Bonnie Marson's debut novel, Sleeping with Schubert, is the unlikely story of what happens when the passionate spirit of a legendary 19th-century composer inhabits an ordinary Brooklyn lawyer. While the premise of this exploration seems preposterous (and often is too unbelievable to merit any serious thought), Marson does a commendable job of creating a genuinely likeable protagonist whom she surrounds with an equally amusing and entertaining cast of supporting characters. These portraits, combined with a sharp, witty sense of irony on the author's part, save this book from what could have been a grave misstep into the world of fantasy Chick Lit.
Sleeping with Schubert follows its heroine Liza Durbin from her debut at a Nordstrom piano to a full-fledged world tour that culminates in a grand finale at Lincoln Center. Along the way, Liza's quirky family make guest appearances, as well as her on-again/off-again boyfriend Patrick, her eccentric piano teacher, and a host of admirers and jealous acquaintances posing as well-wishers. Because this is inherently Chick Lit, Marson indulges in the issues so central to the genre, including warped body images, stunning sisters, cherished best friends, bad hair days, and crazy mothers ("Your father and I have a theory. Maybe you could be just a teeny little bit like an idiot-savant."). However, Schubert's presence adds a layer of complexity that is rare to this type of book; rather than dwelling on the hardships of magazine publishing and office flirtations, Marson treats the reader to a bit of culture and sophistication. By combining an unusual circumstance with a welcome and inviting level of introspection that is rare to most heroines in the genre, Marson offers audiences the chance to imagine a reality in which baby grand pianos fit in Brooklyn apartments and frumpy lawyers can become renowned Romantic composers. --Gisele Toueg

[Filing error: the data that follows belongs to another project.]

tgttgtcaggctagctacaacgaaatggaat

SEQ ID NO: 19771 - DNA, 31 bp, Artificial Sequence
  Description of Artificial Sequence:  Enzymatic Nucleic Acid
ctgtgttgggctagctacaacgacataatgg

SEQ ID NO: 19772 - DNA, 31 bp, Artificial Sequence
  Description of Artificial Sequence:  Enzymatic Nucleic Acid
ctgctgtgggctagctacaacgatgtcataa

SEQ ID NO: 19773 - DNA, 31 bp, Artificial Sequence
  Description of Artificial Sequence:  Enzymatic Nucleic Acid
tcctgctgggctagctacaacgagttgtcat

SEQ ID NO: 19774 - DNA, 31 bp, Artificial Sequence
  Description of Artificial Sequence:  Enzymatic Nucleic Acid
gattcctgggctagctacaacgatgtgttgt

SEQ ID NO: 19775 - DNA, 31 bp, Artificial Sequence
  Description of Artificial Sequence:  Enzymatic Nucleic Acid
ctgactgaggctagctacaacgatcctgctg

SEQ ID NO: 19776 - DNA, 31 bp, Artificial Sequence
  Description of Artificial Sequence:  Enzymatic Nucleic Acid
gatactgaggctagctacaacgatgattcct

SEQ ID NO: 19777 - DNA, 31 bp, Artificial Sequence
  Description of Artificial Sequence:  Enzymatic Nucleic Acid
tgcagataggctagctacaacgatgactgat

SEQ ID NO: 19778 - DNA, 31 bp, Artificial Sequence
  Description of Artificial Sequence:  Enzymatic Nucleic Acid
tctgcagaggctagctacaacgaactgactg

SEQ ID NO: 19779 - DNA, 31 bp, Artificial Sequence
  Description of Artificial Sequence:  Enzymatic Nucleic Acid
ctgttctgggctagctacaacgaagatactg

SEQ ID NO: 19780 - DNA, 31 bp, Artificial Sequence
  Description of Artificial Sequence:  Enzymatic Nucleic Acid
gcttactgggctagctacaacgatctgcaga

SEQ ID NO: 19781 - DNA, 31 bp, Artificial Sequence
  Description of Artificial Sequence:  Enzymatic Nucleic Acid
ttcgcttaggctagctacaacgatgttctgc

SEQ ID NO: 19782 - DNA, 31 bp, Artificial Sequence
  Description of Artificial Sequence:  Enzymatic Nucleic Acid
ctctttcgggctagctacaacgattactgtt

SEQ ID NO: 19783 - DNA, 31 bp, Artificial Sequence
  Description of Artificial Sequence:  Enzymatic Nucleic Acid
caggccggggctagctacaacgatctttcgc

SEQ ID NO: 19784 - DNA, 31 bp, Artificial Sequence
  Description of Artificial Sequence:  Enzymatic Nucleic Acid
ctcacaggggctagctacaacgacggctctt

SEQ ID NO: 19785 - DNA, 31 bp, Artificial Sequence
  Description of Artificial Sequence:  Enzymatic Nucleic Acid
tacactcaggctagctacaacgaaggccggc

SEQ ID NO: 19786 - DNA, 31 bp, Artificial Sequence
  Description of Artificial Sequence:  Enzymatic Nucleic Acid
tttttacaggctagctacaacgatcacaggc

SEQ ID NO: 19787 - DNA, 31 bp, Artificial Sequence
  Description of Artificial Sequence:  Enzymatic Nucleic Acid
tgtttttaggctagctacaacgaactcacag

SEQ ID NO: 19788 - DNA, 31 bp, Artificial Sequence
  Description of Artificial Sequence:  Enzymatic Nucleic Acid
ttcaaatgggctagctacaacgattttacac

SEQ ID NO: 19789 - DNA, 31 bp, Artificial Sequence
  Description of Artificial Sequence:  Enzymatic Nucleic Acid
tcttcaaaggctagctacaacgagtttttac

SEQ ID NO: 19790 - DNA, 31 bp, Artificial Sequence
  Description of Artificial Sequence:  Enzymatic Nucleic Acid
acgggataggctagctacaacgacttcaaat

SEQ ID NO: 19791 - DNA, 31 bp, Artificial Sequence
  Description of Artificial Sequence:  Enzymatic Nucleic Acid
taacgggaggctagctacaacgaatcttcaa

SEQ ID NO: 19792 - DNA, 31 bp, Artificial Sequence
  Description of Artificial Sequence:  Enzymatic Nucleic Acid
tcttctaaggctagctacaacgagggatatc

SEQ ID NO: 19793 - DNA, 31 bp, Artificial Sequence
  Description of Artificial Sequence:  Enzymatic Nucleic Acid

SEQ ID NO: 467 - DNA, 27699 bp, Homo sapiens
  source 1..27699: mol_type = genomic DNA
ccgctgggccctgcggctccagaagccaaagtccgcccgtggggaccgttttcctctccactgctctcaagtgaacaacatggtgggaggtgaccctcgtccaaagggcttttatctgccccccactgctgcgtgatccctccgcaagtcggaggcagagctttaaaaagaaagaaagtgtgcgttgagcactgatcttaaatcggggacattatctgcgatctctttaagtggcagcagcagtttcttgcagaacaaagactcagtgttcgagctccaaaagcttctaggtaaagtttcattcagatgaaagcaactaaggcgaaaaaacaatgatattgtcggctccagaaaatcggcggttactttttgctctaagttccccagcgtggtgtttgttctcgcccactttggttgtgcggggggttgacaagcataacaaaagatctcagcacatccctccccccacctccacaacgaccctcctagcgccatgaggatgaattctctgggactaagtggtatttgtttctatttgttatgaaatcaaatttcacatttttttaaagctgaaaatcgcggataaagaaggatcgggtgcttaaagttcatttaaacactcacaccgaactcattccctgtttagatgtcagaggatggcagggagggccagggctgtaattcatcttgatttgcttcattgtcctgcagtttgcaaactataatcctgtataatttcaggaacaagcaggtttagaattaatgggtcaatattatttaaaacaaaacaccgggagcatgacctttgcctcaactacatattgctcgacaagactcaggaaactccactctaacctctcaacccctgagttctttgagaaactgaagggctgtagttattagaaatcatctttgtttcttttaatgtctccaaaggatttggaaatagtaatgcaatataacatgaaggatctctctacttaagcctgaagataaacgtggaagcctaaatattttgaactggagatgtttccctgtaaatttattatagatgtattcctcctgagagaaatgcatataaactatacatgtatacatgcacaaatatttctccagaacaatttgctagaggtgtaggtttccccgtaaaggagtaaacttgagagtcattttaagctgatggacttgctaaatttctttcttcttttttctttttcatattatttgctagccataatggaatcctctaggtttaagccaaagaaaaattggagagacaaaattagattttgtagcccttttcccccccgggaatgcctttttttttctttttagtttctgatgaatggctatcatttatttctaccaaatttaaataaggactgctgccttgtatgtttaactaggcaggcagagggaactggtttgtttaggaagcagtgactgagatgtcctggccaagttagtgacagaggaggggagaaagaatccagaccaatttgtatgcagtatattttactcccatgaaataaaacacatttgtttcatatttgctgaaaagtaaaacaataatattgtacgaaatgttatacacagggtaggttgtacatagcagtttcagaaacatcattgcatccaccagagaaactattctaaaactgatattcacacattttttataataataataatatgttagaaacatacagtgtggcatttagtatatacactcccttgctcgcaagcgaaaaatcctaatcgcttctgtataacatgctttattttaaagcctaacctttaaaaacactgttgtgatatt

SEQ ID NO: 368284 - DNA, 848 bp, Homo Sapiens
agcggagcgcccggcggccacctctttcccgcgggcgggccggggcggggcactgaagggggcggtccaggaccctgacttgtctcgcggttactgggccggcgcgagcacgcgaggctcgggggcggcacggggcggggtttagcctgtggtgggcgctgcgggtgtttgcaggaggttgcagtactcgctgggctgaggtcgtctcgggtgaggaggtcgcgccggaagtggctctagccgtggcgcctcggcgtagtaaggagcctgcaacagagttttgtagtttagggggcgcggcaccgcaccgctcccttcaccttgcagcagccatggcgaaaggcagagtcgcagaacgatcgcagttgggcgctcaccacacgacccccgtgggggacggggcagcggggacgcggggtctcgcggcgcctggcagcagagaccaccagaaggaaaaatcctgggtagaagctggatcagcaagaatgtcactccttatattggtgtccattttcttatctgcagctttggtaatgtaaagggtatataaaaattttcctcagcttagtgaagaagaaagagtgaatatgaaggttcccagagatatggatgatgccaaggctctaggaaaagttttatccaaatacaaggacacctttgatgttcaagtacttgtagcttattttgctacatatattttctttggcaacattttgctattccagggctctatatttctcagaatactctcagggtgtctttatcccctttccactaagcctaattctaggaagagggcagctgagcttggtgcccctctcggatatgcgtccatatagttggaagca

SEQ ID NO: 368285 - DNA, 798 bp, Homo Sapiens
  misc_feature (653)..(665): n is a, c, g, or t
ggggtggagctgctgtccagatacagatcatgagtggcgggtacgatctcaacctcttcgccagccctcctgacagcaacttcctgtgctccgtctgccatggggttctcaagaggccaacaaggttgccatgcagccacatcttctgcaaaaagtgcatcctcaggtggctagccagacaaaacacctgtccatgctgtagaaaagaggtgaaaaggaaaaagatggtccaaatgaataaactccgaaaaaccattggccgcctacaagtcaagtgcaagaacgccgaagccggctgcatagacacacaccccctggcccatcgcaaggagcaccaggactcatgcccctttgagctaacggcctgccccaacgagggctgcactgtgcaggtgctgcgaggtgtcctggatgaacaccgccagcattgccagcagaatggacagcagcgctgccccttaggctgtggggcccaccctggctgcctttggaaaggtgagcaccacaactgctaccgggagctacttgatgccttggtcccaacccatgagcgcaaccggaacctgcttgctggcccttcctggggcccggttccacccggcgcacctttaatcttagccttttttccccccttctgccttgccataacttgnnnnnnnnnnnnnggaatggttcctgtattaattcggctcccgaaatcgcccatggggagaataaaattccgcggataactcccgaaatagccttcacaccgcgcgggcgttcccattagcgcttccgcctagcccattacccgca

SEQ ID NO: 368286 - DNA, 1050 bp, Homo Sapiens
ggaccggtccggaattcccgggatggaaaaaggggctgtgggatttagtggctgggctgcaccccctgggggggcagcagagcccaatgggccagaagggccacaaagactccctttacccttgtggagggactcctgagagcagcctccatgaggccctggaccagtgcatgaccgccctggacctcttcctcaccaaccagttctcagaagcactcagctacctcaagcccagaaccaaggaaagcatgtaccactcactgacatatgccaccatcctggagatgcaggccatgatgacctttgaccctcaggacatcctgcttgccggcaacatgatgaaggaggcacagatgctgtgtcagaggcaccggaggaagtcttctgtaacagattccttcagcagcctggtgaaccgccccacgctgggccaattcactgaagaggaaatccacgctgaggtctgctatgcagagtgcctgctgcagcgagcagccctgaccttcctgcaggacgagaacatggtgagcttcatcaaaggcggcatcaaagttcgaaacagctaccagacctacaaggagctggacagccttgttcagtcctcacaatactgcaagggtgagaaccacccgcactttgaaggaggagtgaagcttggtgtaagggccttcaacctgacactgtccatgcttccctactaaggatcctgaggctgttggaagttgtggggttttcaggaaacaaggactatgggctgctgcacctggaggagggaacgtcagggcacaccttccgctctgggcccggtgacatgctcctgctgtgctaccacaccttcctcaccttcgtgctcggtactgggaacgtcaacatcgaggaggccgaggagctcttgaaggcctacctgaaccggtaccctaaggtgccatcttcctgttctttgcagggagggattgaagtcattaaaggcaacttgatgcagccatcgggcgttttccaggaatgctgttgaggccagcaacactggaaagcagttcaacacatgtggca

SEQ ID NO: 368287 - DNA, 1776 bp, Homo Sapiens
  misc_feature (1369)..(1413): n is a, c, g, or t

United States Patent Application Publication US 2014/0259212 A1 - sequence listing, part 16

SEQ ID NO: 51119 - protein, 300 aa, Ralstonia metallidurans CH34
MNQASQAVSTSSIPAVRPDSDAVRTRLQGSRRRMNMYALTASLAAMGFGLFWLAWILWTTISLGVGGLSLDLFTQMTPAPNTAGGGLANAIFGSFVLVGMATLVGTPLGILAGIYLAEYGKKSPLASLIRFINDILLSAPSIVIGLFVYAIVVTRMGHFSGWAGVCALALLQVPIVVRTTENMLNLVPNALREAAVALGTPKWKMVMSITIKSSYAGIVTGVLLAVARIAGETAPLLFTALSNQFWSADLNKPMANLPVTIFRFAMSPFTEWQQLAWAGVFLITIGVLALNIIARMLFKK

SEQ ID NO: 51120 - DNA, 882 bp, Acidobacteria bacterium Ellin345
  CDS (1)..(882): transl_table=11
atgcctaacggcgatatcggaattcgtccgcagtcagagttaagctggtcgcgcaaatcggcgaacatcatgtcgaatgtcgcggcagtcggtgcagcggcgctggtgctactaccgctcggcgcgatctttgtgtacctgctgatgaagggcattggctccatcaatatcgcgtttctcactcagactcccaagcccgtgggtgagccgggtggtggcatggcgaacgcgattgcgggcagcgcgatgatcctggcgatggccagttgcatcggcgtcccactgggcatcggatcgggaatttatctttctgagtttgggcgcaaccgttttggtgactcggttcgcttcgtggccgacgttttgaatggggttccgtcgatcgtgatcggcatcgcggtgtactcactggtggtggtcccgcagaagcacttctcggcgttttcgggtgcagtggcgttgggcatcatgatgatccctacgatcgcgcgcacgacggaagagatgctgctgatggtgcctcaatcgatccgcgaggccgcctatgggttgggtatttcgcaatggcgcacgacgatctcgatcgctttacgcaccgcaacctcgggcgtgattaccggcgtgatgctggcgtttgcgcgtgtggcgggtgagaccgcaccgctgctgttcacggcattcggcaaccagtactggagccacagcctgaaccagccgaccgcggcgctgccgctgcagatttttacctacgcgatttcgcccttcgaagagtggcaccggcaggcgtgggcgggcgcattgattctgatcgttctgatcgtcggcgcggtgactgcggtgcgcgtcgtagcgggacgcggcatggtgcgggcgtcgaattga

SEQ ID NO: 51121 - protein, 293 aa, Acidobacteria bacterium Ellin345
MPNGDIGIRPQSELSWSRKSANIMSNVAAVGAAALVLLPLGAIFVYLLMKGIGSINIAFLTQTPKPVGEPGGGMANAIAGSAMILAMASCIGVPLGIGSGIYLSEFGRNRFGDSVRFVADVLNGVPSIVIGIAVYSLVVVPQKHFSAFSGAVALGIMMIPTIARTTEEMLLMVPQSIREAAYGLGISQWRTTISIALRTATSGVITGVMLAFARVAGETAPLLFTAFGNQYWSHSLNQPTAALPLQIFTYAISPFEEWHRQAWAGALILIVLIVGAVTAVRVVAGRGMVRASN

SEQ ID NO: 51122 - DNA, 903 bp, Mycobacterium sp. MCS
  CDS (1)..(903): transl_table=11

It seems that the legendary composer Franz Schubert is alive—well, sort of—in the twenty-first century: His soul has taken up residence in the body of Brooklyn lawyer Liza Durbin. Even more astonishing, so has his prodigious gift. A mediocre pianist at best as a child, Liza can suddenly pound out concertos and compose masterly music out of the blue. But how can a brilliant male Austrian composer from the nineteenth century coexist in the everyday life of a modern American woman? And how can Liza explain what’s happened to her without everyone thinking she’s gone off the deep end?
Fortunately, the evidence is tangible, and Liza is soon brought into the esteemed halls of Juilliard under the tutelage of the revered—and feared—Greta Pretsky, a humorless woman whose only interest in Liza is her channeling of Schubert. Greta’s greedy for her next big star, and the entire New York City press is whispering of Liza’s brilliance as the public awaits her debut at Carnegie Hall. Even Liza’s boyfriend, Patrick, seems more in love with her than ever.
Yet as Liza yields to Franz’s great passion, her own life and identity threaten to elude her. Why was she chosen as the vessel for this musical genius—and when, if ever, will he leave? Their entwined souls follow a path of ecstasy, peril, and surprise as they search for the final, liberating truth.
A strikingly original novel, Sleeping with Schubert plays on years of speculation regarding Franz Schubert’s “Unfinished Symphony.” Bonnie Marson’s extraordinary imagination supposes that Schubert cannot truly die until the mystery is solved—even if it means being resurrected in the body of a deceptively ordinary woman. Filled with drama and humor, this irresistible novel explores love, genius, and identity in ways that will engage and amaze readers.
From the Hardcover edition.
If You Enjoy "Sleeping with Schubert: A Novel (Paperback)", May We Also Recommend: